It is important to recognize this syndrome which is usually treatable successfully with corticosteroids and other immunosuppressive agents such as IVIG, methotrexate, mycophenolate, and azathioprine [13]. Nevertheless, as in our case steroid therapy may not always be able to treat both clinic and electrophysiologic symptoms. Therefore appropriate antiepileptic medication should be administered.

HE should be considered especially in patients with encephalopathy with an unexplained etiology. But our case demonstrated that HE symptoms can be subtle. On such an occasion, the clinicians should suspect the presence of HE and evaluate anti-thyroid antibodies. But we thought that emphasis must be given to EEG which is valuable in evaluation of neurological conditions either associated with or apart from epilepsy [14]. As in our case, in patients with impaired consciousness or altered mental state EEG is important in diagnosing and monitoring the whole treatment process.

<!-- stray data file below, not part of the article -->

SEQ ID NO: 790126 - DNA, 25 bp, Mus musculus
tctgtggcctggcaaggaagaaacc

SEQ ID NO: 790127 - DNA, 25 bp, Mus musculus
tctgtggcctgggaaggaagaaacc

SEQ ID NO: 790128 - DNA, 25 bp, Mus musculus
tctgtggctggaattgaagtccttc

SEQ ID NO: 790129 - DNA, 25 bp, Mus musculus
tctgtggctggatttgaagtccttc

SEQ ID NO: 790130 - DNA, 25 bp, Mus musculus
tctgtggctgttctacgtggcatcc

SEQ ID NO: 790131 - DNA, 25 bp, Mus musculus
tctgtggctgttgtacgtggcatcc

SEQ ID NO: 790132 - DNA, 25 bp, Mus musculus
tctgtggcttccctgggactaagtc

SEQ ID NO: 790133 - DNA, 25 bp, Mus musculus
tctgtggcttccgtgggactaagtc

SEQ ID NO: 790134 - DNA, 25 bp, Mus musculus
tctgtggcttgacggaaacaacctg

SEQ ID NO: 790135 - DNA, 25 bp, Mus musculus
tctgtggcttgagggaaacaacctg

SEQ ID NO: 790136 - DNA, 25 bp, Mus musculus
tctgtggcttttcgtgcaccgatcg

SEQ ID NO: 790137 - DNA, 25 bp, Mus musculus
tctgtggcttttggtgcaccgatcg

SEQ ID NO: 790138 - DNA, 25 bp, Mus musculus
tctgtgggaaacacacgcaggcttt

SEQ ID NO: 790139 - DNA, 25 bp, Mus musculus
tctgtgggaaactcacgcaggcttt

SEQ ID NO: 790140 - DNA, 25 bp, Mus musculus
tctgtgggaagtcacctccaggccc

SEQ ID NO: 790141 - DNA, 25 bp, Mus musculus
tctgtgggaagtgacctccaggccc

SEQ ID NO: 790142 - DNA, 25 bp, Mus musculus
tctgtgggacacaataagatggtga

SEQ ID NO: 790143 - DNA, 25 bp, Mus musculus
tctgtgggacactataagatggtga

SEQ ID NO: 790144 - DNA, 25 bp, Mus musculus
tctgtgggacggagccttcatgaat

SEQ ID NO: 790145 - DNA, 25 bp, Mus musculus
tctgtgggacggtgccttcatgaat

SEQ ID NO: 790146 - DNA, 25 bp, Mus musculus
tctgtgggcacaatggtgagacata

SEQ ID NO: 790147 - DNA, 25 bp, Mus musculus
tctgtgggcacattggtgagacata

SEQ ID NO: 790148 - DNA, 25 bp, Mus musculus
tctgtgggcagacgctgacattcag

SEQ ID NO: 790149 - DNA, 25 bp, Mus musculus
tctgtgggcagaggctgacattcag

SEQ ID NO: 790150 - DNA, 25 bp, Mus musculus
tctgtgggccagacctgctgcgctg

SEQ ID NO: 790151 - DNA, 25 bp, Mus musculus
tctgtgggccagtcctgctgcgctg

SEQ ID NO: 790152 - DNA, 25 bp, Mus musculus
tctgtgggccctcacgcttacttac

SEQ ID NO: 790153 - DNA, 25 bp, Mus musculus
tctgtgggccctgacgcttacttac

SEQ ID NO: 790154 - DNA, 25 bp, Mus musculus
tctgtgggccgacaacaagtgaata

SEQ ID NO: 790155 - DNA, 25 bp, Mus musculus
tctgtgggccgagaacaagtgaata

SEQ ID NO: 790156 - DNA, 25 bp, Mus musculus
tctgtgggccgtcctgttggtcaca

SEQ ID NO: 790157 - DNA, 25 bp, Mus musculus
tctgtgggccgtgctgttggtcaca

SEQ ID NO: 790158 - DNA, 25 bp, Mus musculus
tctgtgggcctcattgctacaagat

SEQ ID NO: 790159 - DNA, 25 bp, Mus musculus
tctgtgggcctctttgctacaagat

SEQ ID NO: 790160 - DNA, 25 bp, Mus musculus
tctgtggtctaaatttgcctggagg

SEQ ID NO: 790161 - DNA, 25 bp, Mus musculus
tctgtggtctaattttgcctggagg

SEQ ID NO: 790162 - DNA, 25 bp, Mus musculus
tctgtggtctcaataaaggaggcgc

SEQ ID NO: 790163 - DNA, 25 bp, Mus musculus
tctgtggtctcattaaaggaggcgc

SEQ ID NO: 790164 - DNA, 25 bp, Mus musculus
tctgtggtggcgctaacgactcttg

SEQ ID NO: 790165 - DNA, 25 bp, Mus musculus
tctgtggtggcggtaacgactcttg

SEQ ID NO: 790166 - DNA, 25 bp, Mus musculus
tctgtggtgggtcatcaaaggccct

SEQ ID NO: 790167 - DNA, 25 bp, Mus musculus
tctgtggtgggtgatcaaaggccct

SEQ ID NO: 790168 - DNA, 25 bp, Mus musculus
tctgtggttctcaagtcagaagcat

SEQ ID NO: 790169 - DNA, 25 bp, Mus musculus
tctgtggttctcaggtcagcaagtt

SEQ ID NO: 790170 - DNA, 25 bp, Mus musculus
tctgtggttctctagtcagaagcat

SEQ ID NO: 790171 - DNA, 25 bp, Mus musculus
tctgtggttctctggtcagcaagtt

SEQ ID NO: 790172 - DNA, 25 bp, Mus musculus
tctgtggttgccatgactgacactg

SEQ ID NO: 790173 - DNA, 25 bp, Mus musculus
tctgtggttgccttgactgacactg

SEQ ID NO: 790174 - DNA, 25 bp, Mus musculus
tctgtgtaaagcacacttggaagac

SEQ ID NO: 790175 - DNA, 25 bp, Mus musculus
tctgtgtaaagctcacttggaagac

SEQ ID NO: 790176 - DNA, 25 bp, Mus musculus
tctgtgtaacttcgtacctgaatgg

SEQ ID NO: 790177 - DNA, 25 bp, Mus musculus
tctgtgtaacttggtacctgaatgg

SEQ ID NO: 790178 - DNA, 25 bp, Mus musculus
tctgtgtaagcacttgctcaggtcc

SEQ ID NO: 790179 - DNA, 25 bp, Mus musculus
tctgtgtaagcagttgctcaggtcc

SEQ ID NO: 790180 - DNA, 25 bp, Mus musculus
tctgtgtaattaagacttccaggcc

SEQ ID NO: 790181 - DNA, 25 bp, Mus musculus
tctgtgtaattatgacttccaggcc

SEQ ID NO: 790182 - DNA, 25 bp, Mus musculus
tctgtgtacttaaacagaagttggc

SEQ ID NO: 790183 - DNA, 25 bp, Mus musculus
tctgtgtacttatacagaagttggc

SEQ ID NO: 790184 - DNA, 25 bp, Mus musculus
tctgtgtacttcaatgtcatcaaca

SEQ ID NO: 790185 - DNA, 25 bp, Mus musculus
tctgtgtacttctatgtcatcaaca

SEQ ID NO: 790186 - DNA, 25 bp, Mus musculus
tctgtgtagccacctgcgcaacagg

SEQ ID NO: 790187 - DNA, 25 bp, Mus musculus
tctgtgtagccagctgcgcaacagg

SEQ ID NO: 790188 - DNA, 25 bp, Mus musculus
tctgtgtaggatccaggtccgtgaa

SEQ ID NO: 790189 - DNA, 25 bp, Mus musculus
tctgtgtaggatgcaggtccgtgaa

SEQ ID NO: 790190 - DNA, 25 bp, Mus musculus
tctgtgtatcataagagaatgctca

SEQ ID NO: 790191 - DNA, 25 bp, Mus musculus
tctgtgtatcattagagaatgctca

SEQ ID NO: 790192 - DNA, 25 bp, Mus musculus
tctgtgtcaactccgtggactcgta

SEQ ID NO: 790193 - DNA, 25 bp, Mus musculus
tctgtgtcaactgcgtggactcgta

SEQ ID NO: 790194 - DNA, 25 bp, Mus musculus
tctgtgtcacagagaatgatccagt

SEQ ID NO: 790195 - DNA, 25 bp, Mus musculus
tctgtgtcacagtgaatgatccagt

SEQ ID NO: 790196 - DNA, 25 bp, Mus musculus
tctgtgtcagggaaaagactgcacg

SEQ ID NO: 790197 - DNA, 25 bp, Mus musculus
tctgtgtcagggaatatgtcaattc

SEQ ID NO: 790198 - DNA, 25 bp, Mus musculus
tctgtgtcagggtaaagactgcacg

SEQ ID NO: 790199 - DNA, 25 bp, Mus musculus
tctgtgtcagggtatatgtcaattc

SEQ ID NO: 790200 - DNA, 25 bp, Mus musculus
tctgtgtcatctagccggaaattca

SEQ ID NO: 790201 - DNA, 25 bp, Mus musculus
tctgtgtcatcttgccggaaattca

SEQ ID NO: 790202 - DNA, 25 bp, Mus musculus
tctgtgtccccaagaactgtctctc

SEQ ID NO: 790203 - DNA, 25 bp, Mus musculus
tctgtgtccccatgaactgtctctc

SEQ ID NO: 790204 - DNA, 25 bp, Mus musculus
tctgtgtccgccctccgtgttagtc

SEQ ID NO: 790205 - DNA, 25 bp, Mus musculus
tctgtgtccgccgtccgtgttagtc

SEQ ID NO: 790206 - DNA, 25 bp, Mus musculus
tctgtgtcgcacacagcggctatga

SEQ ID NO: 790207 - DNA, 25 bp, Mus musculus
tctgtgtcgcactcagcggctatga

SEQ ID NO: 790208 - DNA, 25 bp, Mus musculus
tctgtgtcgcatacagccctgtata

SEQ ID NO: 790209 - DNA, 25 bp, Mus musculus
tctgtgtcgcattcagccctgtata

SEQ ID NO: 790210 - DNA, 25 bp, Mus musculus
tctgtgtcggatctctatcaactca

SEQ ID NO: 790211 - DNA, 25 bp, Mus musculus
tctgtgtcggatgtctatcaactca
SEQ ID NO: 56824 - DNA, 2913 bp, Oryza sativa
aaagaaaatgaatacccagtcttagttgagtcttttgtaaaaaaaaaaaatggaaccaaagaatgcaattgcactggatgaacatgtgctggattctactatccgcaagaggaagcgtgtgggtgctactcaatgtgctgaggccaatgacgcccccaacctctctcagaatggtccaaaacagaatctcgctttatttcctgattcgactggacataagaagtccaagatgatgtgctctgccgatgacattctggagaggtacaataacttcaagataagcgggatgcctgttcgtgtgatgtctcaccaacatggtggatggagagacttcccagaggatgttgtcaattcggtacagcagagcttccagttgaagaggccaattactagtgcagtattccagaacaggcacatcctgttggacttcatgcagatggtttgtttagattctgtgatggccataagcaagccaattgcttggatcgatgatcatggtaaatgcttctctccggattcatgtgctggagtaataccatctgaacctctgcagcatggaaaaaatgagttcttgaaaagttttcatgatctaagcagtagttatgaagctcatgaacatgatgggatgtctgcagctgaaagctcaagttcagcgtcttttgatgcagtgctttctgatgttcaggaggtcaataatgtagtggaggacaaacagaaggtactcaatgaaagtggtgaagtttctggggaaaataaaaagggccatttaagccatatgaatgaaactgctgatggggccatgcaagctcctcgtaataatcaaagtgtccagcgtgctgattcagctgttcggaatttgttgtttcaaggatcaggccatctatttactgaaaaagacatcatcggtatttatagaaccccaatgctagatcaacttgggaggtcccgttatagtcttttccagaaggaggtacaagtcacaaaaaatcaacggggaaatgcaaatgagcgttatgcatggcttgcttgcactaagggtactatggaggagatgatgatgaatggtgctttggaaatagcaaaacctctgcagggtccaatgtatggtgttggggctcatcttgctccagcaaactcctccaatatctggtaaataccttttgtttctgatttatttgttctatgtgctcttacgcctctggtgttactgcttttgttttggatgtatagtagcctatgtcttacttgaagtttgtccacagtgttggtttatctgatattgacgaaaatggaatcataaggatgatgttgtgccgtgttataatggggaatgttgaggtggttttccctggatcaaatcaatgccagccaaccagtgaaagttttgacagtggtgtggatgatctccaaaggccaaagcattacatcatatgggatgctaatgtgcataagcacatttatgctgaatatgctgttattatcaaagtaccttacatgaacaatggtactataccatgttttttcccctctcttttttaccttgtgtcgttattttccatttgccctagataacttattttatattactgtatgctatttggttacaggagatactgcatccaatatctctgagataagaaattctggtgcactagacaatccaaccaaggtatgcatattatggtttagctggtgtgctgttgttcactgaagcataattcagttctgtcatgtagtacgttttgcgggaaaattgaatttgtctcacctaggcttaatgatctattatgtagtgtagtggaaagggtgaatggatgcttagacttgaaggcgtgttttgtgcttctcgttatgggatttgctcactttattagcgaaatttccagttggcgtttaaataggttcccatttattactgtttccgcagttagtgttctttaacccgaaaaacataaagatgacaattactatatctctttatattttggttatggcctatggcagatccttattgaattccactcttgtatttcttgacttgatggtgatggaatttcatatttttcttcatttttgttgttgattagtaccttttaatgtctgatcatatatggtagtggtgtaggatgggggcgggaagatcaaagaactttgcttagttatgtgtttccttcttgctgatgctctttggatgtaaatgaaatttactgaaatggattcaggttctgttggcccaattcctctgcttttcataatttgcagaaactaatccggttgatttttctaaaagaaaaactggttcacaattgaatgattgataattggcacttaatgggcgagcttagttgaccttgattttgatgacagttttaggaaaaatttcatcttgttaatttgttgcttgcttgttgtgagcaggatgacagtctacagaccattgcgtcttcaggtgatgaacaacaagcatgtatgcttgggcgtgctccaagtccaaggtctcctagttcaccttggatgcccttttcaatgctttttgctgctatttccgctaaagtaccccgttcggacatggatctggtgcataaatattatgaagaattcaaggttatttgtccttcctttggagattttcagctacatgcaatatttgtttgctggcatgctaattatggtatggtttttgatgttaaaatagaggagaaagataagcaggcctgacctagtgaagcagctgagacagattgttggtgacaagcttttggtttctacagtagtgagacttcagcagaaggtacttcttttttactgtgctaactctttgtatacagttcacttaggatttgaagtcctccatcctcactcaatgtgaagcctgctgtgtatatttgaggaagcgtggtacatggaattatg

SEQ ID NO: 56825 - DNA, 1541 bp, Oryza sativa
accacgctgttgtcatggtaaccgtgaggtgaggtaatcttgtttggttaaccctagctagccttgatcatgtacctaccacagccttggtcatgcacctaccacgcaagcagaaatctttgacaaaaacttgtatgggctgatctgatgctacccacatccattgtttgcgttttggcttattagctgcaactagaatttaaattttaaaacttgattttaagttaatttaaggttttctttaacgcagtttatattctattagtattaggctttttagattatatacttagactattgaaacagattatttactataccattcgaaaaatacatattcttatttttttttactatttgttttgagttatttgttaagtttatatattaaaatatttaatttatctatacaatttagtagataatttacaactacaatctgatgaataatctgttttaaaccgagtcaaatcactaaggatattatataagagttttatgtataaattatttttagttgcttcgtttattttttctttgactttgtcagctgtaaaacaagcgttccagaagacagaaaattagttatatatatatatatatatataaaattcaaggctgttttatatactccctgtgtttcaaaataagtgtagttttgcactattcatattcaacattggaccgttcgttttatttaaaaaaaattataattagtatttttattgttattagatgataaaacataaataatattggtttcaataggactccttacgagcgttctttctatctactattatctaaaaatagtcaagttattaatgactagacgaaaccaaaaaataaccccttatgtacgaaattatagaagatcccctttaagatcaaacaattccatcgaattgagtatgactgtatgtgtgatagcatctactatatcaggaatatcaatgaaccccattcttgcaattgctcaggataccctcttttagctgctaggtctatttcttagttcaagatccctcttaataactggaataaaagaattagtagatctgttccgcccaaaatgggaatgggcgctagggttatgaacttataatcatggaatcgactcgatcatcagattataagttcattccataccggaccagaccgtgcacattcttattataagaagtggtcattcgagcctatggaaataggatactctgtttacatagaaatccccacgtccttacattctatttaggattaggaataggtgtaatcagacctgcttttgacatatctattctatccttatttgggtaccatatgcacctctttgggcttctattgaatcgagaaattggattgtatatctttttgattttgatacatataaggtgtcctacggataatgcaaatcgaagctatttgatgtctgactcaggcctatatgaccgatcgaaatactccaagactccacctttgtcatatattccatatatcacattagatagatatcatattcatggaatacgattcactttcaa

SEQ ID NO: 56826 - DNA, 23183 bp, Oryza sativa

Conflict of Interests

All authors disclose that they have no conflict of interests.